NTP-led team creates sentinel gene set for exposures studies
Researchers from the National Toxicology Program (NTP) and NIEHS partnered with members of the Tox21 project and the bioinformatics company SciOme to determine a set of genes to use to detect human responses to exposures or diseases. The authors created the S1500-plus list by applying mathematical analyses of publicly available data on nearly 78,000 samples to identify highly informative sentinel genes.
The genes in the group were first selected by their power to differentiate between control and exposed samples. They were ranked for their capacity to predict the levels of other genes. The scientists then optimized the selection for maximal representation of all major biological functions. Finally, the scientific community nominated additional genes. After the data- and knowledge-driven effort, 2,739 genes were included in the S1500-plus gene set. Although this is only 15 percent of the total number of human genes, the set accurately detects human responses to chemicals and disease processes.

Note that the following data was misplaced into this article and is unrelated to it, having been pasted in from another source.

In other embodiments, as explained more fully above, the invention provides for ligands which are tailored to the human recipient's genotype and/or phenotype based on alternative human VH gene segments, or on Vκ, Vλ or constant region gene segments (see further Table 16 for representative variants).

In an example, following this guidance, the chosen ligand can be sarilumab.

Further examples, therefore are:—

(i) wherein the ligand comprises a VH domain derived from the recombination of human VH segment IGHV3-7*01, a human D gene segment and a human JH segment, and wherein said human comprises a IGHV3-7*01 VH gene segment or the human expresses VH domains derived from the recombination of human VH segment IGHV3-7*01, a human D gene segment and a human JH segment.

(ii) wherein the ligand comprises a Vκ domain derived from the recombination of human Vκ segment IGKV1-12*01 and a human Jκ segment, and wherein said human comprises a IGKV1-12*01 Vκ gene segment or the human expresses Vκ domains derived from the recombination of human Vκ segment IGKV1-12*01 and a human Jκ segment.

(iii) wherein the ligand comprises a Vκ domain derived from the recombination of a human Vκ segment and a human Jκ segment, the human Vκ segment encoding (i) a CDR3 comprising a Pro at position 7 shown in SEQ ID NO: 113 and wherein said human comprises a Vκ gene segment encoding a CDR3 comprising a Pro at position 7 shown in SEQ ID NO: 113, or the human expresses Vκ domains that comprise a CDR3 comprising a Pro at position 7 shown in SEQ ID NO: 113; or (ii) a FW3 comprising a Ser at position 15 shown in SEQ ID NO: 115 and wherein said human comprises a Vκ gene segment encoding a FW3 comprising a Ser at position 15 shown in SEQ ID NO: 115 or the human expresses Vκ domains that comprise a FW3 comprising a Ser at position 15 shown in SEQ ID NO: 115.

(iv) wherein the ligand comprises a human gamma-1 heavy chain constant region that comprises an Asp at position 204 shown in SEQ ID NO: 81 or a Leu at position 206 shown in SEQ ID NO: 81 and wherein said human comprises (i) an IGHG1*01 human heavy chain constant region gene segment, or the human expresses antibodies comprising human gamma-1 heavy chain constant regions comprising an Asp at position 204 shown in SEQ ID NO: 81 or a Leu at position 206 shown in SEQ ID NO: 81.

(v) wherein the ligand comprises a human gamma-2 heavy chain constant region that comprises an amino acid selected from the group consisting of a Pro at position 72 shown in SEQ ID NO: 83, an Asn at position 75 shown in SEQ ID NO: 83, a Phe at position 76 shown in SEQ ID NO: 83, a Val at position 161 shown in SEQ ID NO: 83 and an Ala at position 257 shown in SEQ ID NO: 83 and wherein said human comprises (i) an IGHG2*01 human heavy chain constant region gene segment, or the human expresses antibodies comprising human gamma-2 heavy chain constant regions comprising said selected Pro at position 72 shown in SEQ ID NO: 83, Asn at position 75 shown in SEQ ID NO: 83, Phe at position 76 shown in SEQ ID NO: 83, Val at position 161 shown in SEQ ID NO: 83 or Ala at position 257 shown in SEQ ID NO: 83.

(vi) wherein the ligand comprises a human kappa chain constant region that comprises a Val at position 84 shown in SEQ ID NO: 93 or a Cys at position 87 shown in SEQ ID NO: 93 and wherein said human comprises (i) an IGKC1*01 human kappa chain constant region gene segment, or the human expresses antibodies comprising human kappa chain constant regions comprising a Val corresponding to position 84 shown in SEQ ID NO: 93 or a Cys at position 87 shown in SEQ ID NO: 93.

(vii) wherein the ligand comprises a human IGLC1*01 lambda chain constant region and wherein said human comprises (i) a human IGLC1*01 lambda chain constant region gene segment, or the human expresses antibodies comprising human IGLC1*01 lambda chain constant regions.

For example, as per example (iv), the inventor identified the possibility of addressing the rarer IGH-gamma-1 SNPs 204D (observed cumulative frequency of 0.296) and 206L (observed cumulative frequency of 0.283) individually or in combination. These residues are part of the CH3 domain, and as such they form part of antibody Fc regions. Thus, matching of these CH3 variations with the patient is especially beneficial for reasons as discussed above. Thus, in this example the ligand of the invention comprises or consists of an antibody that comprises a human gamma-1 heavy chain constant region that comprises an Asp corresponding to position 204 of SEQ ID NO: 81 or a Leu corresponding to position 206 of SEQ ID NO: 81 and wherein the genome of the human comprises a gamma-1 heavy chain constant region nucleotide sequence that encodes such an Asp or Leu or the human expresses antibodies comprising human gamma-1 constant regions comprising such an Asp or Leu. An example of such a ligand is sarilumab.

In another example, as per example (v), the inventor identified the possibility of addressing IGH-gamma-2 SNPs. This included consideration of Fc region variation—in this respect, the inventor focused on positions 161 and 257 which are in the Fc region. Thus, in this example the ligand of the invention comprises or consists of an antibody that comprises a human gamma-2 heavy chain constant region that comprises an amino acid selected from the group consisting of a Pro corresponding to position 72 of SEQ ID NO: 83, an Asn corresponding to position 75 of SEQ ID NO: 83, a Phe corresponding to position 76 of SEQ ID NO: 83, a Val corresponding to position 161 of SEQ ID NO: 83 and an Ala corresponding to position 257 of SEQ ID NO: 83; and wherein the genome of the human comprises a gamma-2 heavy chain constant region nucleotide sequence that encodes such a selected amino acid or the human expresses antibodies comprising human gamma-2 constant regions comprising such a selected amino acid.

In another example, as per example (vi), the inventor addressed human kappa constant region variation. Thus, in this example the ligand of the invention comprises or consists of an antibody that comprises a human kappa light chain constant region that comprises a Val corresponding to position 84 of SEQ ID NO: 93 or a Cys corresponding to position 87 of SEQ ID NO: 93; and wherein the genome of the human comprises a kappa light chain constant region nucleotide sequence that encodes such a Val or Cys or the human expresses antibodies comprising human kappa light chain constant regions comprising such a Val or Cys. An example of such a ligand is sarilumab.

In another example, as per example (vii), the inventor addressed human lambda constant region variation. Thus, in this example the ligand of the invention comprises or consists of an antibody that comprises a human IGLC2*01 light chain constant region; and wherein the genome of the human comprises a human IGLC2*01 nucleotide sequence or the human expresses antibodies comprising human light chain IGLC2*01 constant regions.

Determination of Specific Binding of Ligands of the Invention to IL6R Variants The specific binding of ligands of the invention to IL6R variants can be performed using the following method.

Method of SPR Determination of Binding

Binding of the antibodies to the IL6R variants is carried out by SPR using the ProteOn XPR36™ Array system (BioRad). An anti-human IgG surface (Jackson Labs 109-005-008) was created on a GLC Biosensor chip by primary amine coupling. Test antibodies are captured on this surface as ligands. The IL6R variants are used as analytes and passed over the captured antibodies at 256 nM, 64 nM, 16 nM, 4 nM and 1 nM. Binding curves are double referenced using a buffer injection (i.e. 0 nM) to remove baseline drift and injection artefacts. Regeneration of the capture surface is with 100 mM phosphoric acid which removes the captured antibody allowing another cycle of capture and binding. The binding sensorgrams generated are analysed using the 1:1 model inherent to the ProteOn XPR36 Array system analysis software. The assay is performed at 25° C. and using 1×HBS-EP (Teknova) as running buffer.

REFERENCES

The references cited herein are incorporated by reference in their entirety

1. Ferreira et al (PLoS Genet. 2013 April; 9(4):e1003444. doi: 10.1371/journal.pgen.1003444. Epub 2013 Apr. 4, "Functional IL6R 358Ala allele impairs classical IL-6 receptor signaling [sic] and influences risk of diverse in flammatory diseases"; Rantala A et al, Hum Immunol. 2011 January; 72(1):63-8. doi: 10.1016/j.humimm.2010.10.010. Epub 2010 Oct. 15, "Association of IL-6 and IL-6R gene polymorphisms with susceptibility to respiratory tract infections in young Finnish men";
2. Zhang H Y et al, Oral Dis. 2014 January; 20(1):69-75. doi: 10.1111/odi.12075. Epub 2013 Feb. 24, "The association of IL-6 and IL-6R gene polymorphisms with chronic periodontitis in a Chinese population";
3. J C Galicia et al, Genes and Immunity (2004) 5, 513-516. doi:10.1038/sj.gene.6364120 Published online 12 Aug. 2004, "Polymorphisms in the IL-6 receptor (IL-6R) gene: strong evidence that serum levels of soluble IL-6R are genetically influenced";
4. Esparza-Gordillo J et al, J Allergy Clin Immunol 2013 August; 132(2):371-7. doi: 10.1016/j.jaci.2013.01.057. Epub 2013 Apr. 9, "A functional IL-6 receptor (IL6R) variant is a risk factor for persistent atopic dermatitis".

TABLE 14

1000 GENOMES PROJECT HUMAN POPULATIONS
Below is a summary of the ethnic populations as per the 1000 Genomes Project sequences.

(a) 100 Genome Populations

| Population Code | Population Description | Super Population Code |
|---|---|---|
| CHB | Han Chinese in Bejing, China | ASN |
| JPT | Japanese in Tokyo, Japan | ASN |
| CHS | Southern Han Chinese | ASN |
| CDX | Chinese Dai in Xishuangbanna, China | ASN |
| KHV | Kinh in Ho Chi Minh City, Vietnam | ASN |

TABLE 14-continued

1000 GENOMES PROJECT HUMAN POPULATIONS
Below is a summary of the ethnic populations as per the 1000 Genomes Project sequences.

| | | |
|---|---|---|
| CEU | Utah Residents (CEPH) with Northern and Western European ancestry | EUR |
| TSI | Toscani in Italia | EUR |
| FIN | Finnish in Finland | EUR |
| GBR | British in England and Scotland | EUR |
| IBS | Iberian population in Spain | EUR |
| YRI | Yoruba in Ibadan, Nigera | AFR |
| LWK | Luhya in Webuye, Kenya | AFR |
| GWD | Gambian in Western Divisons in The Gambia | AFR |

The gene set allowed the authors to predict levels of unmeasured genes and biological functions with high confidence. The scientists explained that detection of the S1500-plus genes might be sufficient to understand the overall response. The lower cost of measuring only the S1500-plus genes will speed up studies using with large numbers of people or samples. (DGS)
Citation: Mav D, Shah RR, Howard BE, Auerbach SS, Bushel PR, Collins JB, Gerhold DL, Judson RS, Karmaus AL, Maull EA, Mendrick DL, Merrick BA, Sipes NS, Svoboda D, Paules RS. 2018. A hybrid gene selection approach to create the S1500-plus targeted gene sets for use in high-throughput transcriptomics. PLoS One 13(2):e0191105.